I found Bill Joy's comments about Microsoft to be seriously misplaced. For example, he claims that LoveBug was the consequence of Microsoft not getting economic signals correct. Microsoft is delivering to customers what the customers say they want, which is wide-open, security-free environments capable of executing "cool" graphics from the Web. The economic signals from the marketplace are quite strong. In fact, Microsoft characterizes one major difference between their professional offerings and their consumer offerings being the consumer offerings have no security or file protection, because consumers don't want it.
In discussing the Web-content problem with a friend a couple of days ago, he told me that it was NetScape that introduced the concept of active scripting in Web pages; Microsoft had to play catch-up on this one. So, if there is any one party that can be accused of compromising the security of millions of computers, it is NetScape. But we're not allowed to say bad things about NetScape because it's the Poor Downtrodden Competitor. This would not be politically correct.
I have turned off all active scripting, removed the Windows Scripting Host from my machines, and refuse to open any attachments that have active content, period. This makes a number of Web sites inaccessible to me, and I can't convince various WebMasters that active content on the Web is a stupid idea. Why do they use active scripting? Because, they say, it makes their Web site more attractive, easier to use, or some such balderdash. To me, it means they are willing to conspire either to be virus vectors or demand that we compromise our immune systems. I consider active Web content to be a sign of social irresponsibility.
Until we start boycotting Web sites that require that we open our computers to penetration, they won't get the message. This is not a Microsoft problem. It is the result of irresponsible WebMasters creating an environment in which systems must be inherently vulnerable.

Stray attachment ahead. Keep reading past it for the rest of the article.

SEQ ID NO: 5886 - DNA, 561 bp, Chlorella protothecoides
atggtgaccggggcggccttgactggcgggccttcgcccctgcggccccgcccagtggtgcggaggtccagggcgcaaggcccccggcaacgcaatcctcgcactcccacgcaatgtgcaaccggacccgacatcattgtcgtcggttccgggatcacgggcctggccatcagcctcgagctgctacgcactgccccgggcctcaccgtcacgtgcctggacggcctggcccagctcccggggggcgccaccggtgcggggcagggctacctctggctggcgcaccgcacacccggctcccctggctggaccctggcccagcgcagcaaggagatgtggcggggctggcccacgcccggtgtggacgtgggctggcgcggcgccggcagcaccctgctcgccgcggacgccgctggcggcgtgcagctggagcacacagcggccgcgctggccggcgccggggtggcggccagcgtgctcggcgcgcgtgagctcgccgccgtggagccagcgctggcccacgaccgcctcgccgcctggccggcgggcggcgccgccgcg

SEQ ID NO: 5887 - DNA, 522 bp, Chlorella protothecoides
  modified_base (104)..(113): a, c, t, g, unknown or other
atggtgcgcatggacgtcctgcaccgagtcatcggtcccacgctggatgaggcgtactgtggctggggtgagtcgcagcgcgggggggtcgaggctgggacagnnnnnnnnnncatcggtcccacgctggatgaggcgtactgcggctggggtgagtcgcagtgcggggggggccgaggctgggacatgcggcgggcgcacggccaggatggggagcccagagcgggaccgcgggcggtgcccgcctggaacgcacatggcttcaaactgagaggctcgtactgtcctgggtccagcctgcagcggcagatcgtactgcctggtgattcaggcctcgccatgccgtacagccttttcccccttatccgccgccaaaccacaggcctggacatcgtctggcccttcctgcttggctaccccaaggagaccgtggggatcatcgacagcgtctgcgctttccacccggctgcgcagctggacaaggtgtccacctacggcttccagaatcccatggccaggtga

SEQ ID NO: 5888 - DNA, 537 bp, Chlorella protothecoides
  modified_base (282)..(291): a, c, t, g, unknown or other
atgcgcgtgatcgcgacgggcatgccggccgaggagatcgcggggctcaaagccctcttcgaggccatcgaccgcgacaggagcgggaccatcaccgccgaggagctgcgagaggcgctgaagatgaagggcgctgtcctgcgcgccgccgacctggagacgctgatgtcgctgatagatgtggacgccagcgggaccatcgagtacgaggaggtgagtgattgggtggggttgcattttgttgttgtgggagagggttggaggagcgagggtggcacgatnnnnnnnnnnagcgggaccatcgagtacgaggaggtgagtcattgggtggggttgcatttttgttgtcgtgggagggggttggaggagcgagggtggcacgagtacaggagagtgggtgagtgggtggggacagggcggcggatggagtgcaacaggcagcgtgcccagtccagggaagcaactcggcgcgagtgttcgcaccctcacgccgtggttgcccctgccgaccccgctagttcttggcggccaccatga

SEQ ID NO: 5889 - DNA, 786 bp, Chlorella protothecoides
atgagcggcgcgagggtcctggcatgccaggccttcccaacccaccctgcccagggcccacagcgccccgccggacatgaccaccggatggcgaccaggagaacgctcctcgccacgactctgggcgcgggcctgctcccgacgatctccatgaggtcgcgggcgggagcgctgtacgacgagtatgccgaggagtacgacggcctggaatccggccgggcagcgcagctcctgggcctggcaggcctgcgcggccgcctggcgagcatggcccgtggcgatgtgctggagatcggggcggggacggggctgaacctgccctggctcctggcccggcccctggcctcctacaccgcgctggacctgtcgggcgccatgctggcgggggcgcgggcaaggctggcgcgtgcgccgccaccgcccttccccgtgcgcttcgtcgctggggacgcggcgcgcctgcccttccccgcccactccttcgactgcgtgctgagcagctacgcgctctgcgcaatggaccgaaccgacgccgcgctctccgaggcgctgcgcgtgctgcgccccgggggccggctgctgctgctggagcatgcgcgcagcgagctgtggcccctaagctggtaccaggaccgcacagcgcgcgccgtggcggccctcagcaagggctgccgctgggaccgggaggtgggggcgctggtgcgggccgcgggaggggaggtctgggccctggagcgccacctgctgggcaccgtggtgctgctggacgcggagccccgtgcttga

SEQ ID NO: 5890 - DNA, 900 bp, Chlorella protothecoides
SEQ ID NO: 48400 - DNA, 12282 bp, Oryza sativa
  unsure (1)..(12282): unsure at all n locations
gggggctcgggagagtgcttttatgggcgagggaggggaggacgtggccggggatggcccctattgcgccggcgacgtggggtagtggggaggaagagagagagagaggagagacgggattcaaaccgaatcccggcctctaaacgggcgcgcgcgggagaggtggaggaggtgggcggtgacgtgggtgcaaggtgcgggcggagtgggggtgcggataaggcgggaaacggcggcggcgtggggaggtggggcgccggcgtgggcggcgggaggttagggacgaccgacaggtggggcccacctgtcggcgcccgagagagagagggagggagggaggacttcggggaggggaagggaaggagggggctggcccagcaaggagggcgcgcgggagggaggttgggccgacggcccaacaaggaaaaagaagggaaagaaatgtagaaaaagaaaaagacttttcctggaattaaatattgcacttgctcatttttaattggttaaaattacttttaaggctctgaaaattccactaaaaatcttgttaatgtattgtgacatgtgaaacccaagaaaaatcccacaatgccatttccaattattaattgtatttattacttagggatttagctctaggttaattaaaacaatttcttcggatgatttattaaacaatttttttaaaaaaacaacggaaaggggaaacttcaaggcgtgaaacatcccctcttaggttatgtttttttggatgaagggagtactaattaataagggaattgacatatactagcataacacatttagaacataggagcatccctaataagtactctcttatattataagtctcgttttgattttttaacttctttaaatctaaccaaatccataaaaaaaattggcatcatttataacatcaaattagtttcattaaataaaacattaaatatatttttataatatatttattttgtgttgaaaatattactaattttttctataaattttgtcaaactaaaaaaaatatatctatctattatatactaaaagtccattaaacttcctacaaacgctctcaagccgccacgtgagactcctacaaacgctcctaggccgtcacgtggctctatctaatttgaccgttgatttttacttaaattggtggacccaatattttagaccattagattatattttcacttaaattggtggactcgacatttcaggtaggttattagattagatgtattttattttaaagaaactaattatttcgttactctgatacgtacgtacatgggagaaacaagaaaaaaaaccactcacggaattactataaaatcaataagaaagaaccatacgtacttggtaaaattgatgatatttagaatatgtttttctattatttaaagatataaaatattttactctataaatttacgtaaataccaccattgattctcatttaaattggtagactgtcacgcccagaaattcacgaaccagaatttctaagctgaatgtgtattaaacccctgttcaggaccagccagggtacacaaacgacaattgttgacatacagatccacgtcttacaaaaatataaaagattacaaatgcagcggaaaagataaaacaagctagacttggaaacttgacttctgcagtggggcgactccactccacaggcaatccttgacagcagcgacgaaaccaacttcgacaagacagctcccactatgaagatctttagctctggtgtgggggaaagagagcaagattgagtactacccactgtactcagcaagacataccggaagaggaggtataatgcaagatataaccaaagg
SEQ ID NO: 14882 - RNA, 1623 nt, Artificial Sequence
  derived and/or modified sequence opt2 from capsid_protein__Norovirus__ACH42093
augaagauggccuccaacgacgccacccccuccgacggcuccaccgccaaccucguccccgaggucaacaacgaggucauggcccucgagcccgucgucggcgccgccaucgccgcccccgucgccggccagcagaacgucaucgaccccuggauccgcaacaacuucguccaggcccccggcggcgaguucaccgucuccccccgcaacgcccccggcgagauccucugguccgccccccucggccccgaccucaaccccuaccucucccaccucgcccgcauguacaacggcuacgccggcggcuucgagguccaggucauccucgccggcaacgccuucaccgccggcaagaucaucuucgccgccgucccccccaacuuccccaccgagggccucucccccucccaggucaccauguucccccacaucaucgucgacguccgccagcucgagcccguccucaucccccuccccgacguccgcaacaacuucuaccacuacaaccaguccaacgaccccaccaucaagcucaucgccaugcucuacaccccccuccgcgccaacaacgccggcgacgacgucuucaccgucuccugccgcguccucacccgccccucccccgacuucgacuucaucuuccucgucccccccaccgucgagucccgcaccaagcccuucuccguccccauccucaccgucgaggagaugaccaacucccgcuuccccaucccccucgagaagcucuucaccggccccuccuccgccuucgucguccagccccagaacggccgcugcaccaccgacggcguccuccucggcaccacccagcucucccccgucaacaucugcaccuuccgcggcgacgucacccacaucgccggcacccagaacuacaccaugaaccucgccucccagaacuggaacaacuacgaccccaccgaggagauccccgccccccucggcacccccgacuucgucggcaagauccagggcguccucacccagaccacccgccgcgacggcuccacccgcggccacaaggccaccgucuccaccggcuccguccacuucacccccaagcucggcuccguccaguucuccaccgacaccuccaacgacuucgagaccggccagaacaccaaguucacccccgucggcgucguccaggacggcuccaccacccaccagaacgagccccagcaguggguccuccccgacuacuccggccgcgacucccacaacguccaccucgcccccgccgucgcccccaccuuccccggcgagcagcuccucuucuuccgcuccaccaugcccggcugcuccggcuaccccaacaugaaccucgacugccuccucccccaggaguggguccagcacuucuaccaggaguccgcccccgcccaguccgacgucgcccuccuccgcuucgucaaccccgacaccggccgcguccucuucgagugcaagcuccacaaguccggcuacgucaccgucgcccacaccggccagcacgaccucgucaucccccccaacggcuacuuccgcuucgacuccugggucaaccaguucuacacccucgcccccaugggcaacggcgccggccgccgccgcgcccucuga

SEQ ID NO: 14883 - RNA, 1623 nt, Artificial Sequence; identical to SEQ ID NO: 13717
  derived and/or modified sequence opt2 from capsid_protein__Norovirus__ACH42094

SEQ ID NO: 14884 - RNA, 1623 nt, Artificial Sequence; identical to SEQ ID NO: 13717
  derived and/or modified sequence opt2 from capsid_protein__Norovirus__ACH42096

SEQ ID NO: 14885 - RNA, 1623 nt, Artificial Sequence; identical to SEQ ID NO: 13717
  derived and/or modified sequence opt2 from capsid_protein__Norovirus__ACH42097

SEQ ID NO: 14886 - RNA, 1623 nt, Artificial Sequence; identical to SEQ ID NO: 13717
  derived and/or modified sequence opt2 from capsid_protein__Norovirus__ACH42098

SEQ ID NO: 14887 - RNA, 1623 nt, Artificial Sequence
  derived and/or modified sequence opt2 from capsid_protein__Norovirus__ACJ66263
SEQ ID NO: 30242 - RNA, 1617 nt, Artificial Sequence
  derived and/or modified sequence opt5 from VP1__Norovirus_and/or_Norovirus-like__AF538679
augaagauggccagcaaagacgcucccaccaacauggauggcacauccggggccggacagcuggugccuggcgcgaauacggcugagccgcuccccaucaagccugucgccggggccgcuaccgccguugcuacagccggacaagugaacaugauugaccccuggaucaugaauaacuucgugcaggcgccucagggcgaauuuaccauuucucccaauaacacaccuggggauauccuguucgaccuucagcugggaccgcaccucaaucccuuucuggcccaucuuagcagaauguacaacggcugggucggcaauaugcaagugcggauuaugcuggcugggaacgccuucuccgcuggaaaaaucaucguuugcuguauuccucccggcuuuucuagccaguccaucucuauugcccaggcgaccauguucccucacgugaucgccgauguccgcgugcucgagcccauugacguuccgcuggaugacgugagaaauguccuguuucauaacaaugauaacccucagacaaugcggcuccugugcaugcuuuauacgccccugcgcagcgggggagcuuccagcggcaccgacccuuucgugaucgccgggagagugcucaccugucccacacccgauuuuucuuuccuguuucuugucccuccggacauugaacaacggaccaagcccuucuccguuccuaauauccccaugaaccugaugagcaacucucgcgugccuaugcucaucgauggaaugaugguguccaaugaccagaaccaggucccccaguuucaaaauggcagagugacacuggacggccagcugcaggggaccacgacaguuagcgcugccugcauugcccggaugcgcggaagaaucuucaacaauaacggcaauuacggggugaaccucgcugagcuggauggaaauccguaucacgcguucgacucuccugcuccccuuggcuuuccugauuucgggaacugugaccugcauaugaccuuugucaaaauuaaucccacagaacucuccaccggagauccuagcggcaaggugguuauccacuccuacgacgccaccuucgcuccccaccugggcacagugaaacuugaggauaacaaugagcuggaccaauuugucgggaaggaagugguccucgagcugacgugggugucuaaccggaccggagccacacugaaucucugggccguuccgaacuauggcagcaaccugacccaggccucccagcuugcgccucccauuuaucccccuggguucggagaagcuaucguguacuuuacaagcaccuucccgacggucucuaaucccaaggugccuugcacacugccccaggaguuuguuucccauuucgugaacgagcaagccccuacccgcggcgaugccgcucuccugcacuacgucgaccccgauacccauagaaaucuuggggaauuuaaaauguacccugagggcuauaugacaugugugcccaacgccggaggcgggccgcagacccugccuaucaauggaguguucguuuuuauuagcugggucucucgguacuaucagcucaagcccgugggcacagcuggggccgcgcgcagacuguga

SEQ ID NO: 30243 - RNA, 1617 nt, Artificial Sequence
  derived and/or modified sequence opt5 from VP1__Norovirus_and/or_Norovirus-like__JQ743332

The hypocritical aspect of [Joy's] comments is that back in the early 1980s we refused to install email on our Sun workstations, because of several well-known security holes. This caused our sysadmin much grief, but he held the line and required everyone to get email on our mainframe. Sun was informed numerous times about these security holes, and their attitude was, as I recall, "We could fix it, but we won't, because fixing it would inconvenience our developers". . . . Several of these holes let Robert Tappan Morris get his Internet Worm into Sun systems all over the world. It is worth pointing out that Sun assumed no responsibility for this, and as far as I know never apologized for it. . . . I don't think anyone from Sun is entitled to point fingers at Microsoft. . . . How quickly we seem to forget our own history!
-- joseph m. newcomer
Teaching the Nintendo Generation
Re: "The Untried Approach," (Ubiquity, May 23-29, 2000)
As the Nintendo generation's demands for better interactivity practically erased the existence of educational software, something wonderful happened while we weren't looking. Suddenly, a new environment sprang up in software (not destined for education, but certainly captivating). It is interconnected, networked, distributed, and provides Web-based interaction in multiuser, non-linear, dynamic real time. Suddenly, we see kids who can see each other on the computer interacting with the environment with avatars representing their persona on-line. This environment is in some respects like the apprenticeship guilds where master taught apprentice while he was involved in performing the tasks he was expected to excel at in the future. In fact in this new environment, kids pair up with mentors to navigate very complex, three-dimensional spaces, learning to interact with the objects, gaining experience, trading knowledge objects, and learning (with great motivation) how to progress rapidly to the next level of achievement. Oh yes, and they rarely come up for air if given the opportunity to wander around in these interactive, immersive learning environments. Or, should I call them what they are really: games -- multiuser, multiplayer, 3-D environments that represent the new world of e-commerce, e-business, e-learning, and e-society. It is clear that software, high bandwidth interactivity, with interactions in collaborative places, will help education. What isn't for sure is how we're going to get developers, educators, and policy decision-makers to develop these kinds of software solutions. It is imperative that we start creating these new educational worlds to rapidly respond to our new knowledge economy.
-- Randy J. Hinrichs